The Free Press, Mankato, MN

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August 22, 2013

Conservative criticism lacked context

Tom Maertens’ Aug.11 centrist bromide railing against the Republican Party had a historical reference that should be clarified. He tells us that the 19th century British philosophy John Stuart Mill is quoted as saying “Conservatives are not necessarily stupid, but most stupid people are conservatives.”

First, Maertens likely takes this quote from the Laurence Peter book Quotations In Our Time (1978). The actual quote from Mill reads “I never meant to say that the Conservatives are generally stupid. I meant to say that stupid people are generally Conservative.” The Maertens version is deliberately modified from Mill’s actual quote to augment his disparaging opinion of the Republican Party.

Second, in American political lexicon, the term ‘conservative’ didn’t even come in to existence until the 1930s in response to the policies of FDR. Mill’s quote is from 1866 in reference to the government which came to power — named the Conservative government.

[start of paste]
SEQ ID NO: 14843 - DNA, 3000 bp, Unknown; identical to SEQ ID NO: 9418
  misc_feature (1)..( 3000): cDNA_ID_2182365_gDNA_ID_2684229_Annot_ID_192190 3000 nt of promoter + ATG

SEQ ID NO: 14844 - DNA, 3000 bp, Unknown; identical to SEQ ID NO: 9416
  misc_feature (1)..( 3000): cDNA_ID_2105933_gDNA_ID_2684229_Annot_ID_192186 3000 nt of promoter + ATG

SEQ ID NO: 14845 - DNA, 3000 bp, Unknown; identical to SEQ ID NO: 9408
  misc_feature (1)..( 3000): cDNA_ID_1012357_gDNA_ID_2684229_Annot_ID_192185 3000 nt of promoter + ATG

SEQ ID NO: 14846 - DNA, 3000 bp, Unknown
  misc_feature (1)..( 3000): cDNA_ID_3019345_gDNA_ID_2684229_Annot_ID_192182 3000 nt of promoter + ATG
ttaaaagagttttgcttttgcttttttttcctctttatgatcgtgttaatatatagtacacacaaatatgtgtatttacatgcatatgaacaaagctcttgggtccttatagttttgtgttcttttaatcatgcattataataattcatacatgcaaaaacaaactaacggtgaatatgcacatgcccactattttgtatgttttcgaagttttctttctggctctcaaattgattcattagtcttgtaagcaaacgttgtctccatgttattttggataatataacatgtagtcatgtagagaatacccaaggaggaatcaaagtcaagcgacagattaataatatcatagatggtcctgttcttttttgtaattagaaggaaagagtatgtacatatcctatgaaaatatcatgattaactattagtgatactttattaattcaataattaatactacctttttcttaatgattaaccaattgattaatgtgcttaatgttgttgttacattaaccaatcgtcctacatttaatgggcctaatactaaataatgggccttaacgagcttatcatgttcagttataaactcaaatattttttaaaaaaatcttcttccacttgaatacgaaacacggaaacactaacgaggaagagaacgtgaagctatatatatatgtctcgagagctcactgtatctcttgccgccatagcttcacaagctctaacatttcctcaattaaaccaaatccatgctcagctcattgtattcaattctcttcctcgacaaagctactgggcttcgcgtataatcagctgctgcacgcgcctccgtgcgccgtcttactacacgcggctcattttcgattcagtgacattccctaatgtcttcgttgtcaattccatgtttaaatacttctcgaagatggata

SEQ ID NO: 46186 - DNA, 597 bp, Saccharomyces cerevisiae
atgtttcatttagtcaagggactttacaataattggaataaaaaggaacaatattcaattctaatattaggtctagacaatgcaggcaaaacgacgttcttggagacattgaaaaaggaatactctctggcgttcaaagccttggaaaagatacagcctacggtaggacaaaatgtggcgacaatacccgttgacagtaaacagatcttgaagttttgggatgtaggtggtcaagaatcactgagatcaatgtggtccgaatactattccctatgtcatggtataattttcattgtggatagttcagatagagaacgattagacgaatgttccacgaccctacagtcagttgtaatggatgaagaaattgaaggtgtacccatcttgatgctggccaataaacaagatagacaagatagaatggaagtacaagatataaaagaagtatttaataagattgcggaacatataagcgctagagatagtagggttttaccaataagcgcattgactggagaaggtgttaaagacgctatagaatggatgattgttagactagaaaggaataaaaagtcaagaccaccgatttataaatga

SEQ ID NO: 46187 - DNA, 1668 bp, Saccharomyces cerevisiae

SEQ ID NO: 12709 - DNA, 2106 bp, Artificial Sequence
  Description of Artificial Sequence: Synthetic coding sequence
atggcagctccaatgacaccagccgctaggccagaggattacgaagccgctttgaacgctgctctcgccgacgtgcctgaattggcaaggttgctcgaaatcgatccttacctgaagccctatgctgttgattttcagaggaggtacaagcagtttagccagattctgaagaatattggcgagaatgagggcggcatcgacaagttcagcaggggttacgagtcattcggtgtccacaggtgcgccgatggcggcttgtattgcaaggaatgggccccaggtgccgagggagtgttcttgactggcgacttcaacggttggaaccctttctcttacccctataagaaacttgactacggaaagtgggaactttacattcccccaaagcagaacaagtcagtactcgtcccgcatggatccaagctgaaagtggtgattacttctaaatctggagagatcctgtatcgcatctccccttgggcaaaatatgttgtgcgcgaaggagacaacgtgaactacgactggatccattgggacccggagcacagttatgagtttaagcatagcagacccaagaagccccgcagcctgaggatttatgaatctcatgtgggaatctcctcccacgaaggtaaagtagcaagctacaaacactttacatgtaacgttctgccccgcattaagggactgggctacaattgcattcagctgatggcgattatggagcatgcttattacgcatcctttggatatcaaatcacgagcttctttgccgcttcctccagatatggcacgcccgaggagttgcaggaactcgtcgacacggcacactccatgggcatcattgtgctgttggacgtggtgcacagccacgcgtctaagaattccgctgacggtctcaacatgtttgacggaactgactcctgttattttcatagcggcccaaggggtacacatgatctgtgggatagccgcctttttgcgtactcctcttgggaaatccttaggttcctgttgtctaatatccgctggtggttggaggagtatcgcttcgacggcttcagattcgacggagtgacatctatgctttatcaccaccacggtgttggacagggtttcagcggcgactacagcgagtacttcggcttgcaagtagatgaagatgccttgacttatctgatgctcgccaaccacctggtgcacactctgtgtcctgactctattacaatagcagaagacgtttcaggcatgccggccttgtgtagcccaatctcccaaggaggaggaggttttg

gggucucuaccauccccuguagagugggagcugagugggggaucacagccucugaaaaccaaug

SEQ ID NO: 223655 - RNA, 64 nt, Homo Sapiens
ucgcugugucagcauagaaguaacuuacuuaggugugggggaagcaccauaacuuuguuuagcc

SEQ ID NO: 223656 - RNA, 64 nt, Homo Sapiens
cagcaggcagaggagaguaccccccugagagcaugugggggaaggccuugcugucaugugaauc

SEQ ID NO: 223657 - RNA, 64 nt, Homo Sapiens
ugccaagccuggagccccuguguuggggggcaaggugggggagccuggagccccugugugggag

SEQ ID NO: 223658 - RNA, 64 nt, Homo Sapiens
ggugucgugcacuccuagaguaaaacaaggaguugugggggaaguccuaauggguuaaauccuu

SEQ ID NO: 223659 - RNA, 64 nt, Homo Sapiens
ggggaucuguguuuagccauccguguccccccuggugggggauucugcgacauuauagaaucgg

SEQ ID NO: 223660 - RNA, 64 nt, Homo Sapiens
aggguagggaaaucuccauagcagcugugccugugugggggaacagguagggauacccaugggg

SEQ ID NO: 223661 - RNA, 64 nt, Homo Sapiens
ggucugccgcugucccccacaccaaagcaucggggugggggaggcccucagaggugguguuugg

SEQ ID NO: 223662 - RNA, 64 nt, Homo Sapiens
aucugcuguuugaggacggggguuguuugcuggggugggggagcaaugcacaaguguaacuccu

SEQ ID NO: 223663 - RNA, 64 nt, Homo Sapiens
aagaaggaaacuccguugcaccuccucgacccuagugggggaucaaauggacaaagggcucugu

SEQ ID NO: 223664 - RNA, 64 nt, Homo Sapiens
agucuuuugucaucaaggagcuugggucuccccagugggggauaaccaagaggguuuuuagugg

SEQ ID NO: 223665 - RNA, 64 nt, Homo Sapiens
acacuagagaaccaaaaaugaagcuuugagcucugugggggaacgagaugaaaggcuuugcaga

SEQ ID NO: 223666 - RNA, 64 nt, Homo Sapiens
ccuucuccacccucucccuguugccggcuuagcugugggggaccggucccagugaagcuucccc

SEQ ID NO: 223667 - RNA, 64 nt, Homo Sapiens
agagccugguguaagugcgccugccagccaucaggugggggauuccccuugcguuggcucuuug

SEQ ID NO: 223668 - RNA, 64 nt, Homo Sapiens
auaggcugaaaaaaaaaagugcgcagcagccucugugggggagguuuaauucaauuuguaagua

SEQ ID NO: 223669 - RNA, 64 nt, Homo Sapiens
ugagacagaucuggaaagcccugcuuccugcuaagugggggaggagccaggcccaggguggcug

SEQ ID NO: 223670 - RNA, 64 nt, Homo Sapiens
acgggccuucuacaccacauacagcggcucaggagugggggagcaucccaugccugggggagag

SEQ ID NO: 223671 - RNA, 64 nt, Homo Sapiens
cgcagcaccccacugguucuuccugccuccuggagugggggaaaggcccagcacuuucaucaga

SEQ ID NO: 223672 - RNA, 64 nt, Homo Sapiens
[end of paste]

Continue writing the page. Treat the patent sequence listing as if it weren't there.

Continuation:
In a parliamentary debate with Sir John Pakington in May 1866, Mill said his famous quote. But, Mill was referring to the British government at the time not American conservatives as we think of them today.

If you look at the text of the quote, the word is capitalized with an upper-case C (Conservative) because Mill was referring to the British government at the time, not the general political philosophy of 20th century America. Had Mill meant conservatives as in a political philosophy, the word would be spelled with a lower-case c (conservative).

So, when Maertens trots out that quote to disparage conservatives and the Republican Party, he’s taking it completely out of context both in the text of the quote and its historical accuracy.

Patrick Dempsey


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